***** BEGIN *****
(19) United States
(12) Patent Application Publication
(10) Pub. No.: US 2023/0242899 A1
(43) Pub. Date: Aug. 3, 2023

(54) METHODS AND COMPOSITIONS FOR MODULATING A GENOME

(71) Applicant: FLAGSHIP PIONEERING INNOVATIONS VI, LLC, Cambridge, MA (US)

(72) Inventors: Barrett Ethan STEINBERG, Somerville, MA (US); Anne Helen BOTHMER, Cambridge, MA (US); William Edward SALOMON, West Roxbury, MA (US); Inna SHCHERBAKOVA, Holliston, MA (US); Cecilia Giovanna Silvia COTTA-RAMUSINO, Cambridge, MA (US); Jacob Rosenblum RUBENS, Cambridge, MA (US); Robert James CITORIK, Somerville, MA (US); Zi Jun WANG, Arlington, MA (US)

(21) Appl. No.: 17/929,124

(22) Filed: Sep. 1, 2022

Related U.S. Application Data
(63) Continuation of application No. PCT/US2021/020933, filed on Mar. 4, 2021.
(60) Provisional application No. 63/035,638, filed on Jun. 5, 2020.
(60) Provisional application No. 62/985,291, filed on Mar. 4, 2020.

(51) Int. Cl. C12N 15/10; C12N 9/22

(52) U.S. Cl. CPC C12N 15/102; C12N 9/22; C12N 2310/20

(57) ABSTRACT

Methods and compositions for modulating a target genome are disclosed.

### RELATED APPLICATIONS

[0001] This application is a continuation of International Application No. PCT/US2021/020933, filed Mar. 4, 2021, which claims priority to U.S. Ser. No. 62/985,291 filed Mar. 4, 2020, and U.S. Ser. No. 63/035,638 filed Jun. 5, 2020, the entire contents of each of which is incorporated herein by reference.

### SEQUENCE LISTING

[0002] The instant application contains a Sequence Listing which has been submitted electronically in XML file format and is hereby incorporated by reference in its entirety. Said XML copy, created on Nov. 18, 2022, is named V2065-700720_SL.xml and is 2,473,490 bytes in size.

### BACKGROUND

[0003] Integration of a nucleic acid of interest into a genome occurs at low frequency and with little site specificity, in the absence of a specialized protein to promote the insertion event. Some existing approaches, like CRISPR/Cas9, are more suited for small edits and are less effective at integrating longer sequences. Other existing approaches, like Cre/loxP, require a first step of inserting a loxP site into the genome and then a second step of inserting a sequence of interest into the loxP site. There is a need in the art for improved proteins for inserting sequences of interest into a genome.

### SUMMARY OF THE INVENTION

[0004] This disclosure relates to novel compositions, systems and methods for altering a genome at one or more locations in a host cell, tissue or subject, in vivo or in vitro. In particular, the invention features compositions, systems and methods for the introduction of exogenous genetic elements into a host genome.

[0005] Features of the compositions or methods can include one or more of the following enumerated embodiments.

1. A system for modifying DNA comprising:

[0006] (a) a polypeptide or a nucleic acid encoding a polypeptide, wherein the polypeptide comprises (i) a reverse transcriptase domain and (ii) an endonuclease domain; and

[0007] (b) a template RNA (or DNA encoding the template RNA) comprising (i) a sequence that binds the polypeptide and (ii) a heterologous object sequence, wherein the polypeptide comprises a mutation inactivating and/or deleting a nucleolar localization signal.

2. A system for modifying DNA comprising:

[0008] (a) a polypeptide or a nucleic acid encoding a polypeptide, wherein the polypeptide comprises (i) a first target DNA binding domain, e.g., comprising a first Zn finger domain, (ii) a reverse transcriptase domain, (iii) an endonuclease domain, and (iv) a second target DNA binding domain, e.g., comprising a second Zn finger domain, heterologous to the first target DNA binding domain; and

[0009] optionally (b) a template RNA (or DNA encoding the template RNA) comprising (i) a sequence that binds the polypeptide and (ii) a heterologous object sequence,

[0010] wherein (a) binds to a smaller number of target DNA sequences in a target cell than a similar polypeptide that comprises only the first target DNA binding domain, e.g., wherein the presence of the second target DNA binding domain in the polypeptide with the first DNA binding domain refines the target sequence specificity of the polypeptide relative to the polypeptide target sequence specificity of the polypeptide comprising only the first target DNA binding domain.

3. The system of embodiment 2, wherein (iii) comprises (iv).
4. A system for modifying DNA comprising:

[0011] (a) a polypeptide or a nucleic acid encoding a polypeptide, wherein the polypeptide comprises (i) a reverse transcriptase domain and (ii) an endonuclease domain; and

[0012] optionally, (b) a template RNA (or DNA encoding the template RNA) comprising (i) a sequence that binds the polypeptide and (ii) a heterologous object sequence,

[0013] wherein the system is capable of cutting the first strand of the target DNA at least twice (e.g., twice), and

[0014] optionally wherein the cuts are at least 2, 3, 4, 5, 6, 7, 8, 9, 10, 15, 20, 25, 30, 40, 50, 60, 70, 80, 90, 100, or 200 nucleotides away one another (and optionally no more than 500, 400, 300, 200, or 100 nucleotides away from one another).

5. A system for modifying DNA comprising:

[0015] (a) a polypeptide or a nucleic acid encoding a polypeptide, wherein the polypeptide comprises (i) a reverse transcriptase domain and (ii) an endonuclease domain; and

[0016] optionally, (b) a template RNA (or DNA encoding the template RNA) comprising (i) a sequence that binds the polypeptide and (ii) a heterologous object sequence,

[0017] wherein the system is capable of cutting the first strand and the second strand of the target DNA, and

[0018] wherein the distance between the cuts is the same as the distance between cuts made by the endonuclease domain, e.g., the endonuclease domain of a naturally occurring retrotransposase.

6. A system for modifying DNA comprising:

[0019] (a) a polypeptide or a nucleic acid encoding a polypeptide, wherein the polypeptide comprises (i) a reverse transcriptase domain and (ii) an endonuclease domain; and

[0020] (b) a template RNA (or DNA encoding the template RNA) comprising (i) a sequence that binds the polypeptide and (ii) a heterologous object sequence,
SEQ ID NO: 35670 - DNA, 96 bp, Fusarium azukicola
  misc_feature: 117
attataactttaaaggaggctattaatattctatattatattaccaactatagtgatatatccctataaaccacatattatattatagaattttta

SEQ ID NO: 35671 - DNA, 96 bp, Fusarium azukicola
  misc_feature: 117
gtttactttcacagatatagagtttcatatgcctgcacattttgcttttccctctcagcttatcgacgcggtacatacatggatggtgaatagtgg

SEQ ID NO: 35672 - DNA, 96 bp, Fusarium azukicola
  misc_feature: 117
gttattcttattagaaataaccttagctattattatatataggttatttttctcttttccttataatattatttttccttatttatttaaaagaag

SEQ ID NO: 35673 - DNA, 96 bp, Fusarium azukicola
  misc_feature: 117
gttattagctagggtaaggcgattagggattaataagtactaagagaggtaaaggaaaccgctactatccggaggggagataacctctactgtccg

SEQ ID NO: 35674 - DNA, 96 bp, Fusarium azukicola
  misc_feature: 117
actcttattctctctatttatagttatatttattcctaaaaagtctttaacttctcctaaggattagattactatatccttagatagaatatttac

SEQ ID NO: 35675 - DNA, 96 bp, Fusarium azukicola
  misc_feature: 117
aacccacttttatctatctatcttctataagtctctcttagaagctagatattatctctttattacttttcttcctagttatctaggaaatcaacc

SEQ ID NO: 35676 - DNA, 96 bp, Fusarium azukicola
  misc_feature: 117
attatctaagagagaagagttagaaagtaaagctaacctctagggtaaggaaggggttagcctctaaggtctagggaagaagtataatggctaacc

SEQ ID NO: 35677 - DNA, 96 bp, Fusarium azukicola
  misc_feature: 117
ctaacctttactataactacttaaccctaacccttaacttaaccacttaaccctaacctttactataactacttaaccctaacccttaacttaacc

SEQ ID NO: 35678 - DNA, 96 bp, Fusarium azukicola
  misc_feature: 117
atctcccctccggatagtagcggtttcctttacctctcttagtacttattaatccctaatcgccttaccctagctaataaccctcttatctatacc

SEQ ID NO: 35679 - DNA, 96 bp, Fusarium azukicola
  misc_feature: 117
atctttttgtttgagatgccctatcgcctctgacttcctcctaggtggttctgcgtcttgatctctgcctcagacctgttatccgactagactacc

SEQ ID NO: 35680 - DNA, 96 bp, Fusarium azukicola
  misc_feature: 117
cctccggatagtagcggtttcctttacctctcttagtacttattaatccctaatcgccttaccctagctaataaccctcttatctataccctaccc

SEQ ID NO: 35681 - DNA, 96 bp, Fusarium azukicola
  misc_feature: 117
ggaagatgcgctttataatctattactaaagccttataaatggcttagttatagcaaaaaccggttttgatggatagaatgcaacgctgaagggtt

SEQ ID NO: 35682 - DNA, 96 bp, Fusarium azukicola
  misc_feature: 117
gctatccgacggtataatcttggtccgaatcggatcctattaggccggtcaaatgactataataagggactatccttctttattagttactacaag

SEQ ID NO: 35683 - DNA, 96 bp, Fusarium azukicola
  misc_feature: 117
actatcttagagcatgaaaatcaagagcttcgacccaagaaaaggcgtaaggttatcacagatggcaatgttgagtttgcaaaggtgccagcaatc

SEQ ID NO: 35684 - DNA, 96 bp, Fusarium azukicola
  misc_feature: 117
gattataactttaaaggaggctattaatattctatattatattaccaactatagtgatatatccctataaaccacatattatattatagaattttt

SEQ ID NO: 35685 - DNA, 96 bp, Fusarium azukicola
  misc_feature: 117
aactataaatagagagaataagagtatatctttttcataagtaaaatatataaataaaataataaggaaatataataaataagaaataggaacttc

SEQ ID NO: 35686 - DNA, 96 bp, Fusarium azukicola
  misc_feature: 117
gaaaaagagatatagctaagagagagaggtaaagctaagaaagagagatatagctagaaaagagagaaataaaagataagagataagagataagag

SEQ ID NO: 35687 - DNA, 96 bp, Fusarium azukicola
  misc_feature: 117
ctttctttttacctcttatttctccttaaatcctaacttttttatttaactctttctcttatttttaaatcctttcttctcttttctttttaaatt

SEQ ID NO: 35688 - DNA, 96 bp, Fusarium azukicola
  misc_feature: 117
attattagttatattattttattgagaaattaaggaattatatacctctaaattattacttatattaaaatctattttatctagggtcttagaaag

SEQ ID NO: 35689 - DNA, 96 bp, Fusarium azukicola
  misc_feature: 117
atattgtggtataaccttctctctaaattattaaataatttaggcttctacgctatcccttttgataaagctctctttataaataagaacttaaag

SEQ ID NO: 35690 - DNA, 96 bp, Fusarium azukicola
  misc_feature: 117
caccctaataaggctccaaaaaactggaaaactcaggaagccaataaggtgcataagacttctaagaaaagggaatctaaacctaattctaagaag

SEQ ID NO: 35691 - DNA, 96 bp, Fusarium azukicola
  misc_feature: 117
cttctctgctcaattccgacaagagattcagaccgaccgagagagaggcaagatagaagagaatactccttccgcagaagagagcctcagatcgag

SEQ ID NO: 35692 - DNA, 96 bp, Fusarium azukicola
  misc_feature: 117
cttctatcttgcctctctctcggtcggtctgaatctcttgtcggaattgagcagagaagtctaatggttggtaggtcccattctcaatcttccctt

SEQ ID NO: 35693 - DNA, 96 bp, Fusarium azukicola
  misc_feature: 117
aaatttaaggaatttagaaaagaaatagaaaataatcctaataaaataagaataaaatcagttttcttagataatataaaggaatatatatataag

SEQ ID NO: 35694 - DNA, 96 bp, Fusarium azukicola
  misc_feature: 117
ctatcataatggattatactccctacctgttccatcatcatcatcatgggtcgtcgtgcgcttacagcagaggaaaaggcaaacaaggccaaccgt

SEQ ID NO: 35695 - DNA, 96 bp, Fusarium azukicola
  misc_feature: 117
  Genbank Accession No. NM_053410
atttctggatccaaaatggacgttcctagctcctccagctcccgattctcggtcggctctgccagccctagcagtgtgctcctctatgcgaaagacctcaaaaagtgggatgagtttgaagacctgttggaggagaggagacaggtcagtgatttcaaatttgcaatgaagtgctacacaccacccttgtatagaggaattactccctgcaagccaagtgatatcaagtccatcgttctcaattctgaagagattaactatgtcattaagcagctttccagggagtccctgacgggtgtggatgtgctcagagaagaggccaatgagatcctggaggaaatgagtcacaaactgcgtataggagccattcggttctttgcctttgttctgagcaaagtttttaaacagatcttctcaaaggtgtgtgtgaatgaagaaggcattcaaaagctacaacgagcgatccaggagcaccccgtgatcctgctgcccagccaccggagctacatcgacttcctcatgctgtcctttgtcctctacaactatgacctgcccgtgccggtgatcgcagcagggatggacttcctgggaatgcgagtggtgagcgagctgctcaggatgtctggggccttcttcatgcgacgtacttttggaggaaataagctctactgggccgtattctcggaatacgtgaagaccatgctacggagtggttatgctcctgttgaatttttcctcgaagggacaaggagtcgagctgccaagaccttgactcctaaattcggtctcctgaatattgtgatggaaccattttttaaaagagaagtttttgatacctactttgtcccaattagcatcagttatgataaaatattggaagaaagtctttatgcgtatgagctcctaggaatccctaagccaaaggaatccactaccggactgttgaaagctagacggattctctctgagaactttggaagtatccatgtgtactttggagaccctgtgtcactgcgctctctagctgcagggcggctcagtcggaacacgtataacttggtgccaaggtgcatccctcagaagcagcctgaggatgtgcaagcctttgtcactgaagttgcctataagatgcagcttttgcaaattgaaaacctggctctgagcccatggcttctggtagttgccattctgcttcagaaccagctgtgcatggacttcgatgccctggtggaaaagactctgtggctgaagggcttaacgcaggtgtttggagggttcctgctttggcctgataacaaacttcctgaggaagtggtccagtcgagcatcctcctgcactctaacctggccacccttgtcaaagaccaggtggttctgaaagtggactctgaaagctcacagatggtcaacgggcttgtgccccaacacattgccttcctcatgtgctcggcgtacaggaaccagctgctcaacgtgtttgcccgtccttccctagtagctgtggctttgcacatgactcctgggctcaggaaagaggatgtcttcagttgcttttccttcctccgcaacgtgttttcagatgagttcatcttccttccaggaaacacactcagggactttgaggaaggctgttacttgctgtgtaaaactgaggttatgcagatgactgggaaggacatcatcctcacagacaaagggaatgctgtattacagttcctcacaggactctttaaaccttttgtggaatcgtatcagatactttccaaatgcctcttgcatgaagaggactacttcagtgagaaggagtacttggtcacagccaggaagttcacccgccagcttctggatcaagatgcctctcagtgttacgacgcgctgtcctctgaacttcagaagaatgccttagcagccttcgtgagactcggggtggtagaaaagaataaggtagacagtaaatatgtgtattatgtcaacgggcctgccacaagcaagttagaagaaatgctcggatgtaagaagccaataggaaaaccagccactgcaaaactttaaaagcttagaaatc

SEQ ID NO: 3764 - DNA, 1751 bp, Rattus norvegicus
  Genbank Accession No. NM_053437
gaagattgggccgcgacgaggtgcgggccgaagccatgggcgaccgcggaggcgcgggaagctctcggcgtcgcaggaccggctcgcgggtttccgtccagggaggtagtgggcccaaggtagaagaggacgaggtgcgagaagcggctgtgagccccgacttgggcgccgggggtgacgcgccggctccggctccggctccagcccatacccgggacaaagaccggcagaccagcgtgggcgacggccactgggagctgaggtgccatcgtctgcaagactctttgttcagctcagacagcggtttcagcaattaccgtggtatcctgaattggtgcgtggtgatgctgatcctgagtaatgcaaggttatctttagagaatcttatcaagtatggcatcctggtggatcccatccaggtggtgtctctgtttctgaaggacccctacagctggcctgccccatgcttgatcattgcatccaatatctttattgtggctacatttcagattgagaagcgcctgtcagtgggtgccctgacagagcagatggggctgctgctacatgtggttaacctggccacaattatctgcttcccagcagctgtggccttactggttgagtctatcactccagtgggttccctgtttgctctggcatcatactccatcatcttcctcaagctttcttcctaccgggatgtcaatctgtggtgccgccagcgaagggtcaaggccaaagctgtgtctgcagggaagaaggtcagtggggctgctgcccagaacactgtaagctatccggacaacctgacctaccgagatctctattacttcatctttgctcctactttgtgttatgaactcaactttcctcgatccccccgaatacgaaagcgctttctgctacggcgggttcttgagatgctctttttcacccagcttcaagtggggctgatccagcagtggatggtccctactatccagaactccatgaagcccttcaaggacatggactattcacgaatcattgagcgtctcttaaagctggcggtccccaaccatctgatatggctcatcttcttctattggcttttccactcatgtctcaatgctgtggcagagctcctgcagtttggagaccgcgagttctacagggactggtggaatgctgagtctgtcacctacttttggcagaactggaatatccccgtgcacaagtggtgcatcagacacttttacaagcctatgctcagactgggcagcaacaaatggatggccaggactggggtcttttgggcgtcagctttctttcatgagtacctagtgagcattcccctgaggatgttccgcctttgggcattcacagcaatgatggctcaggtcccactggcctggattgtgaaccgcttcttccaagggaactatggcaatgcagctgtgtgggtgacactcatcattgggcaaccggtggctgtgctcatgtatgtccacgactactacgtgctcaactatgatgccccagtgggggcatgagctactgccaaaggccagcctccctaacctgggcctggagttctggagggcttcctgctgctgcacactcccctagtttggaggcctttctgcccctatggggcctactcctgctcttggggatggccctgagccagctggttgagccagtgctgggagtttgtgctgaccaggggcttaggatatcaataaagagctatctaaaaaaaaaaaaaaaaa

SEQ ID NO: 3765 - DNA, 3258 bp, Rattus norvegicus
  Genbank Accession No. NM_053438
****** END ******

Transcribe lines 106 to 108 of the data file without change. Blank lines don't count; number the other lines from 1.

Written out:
  misc_feature: 117
atattgtggtataaccttctctctaaattattaaataatttaggcttctacgctatcccttttgataaagctctctttataaataagaacttaaag

SEQ ID NO: 35690 - DNA, 96 bp, Fusarium azukicola